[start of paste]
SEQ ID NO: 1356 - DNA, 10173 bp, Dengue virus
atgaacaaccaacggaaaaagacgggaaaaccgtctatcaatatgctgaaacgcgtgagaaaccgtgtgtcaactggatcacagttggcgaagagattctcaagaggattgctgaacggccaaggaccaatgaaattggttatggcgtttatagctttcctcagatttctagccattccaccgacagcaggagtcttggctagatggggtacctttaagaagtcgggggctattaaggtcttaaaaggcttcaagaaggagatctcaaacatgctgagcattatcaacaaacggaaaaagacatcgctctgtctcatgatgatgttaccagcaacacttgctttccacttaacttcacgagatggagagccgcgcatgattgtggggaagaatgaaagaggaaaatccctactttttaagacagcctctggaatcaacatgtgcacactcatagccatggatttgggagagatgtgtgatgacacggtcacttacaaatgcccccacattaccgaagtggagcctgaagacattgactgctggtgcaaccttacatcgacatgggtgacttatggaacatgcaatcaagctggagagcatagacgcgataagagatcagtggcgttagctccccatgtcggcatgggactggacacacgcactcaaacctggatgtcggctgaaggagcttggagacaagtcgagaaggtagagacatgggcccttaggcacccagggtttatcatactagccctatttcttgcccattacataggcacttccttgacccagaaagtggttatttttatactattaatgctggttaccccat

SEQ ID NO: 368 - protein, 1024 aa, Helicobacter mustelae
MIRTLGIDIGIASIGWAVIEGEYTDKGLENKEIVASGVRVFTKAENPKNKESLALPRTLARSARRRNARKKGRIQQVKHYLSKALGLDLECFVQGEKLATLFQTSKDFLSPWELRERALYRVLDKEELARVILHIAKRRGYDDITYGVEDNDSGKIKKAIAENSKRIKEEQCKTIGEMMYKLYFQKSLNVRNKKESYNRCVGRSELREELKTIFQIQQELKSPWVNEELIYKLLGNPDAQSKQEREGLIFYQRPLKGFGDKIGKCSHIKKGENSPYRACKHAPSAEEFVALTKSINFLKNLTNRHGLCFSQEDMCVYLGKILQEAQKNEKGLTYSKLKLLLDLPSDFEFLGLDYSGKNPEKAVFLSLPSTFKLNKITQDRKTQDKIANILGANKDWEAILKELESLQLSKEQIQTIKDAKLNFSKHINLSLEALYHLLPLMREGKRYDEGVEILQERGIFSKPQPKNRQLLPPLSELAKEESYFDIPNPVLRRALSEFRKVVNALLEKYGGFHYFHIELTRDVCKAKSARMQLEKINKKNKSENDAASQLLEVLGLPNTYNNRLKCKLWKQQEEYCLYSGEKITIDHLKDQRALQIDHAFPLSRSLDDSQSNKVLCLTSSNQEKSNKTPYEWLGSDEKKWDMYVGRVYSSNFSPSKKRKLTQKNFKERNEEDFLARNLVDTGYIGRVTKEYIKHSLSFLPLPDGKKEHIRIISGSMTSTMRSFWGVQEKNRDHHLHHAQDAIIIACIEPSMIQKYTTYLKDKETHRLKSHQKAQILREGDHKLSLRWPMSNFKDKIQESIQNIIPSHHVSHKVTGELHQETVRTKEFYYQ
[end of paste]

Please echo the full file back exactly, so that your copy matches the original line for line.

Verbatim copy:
SEQ ID NO: 1356 - DNA, 10173 bp, Dengue virus
atgaacaaccaacggaaaaagacgggaaaaccgtctatcaatatgctgaaacgcgtgagaaaccgtgtgtcaactggatcacagttggcgaagagattctcaagaggattgctgaacggccaaggaccaatgaaattggttatggcgtttatagctttcctcagatttctagccattccaccgacagcaggagtcttggctagatggggtacctttaagaagtcgggggctattaaggtcttaaaaggcttcaagaaggagatctcaaacatgctgagcattatcaacaaacggaaaaagacatcgctctgtctcatgatgatgttaccagcaacacttgctttccacttaacttcacgagatggagagccgcgcatgattgtggggaagaatgaaagaggaaaatccctactttttaagacagcctctggaatcaacatgtgcacactcatagccatggatttgggagagatgtgtgatgacacggtcacttacaaatgcccccacattaccgaagtggagcctgaagacattgactgctggtgcaaccttacatcgacatgggtgacttatggaacatgcaatcaagctggagagcatagacgcgataagagatcagtggcgttagctccccatgtcggcatgggactggacacacgcactcaaacctggatgtcggctgaaggagcttggagacaagtcgagaaggtagagacatgggcccttaggcacccagggtttatcatactagccctatttcttgcccattacataggcacttccttgacccagaaagtggttatttttatactattaatgctggttaccccat

SEQ ID NO: 368 - protein, 1024 aa, Helicobacter mustelae
MIRTLGIDIGIASIGWAVIEGEYTDKGLENKEIVASGVRVFTKAENPKNKESLALPRTLARSARRRNARKKGRIQQVKHYLSKALGLDLECFVQGEKLATLFQTSKDFLSPWELRERALYRVLDKEELARVILHIAKRRGYDDITYGVEDNDSGKIKKAIAENSKRIKEEQCKTIGEMMYKLYFQKSLNVRNKKESYNRCVGRSELREELKTIFQIQQELKSPWVNEELIYKLLGNPDAQSKQEREGLIFYQRPLKGFGDKIGKCSHIKKGENSPYRACKHAPSAEEFVALTKSINFLKNLTNRHGLCFSQEDMCVYLGKILQEAQKNEKGLTYSKLKLLLDLPSDFEFLGLDYSGKNPEKAVFLSLPSTFKLNKITQDRKTQDKIANILGANKDWEAILKELESLQLSKEQIQTIKDAKLNFSKHINLSLEALYHLLPLMREGKRYDEGVEILQERGIFSKPQPKNRQLLPPLSELAKEESYFDIPNPVLRRALSEFRKVVNALLEKYGGFHYFHIELTRDVCKAKSARMQLEKINKKNKSENDAASQLLEVLGLPNTYNNRLKCKLWKQQEEYCLYSGEKITIDHLKDQRALQIDHAFPLSRSLDDSQSNKVLCLTSSNQEKSNKTPYEWLGSDEKKWDMYVGRVYSSNFSPSKKRKLTQKNFKERNEEDFLARNLVDTGYIGRVTKEYIKHSLSFLPLPDGKKEHIRIISGSMTSTMRSFWGVQEKNRDHHLHHAQDAIIIACIEPSMIQKYTTYLKDKETHRLKSHQKAQILREGDHKLSLRWPMSNFKDKIQESIQNIIPSHHVSHKVTGELHQETVRTKEFYYQ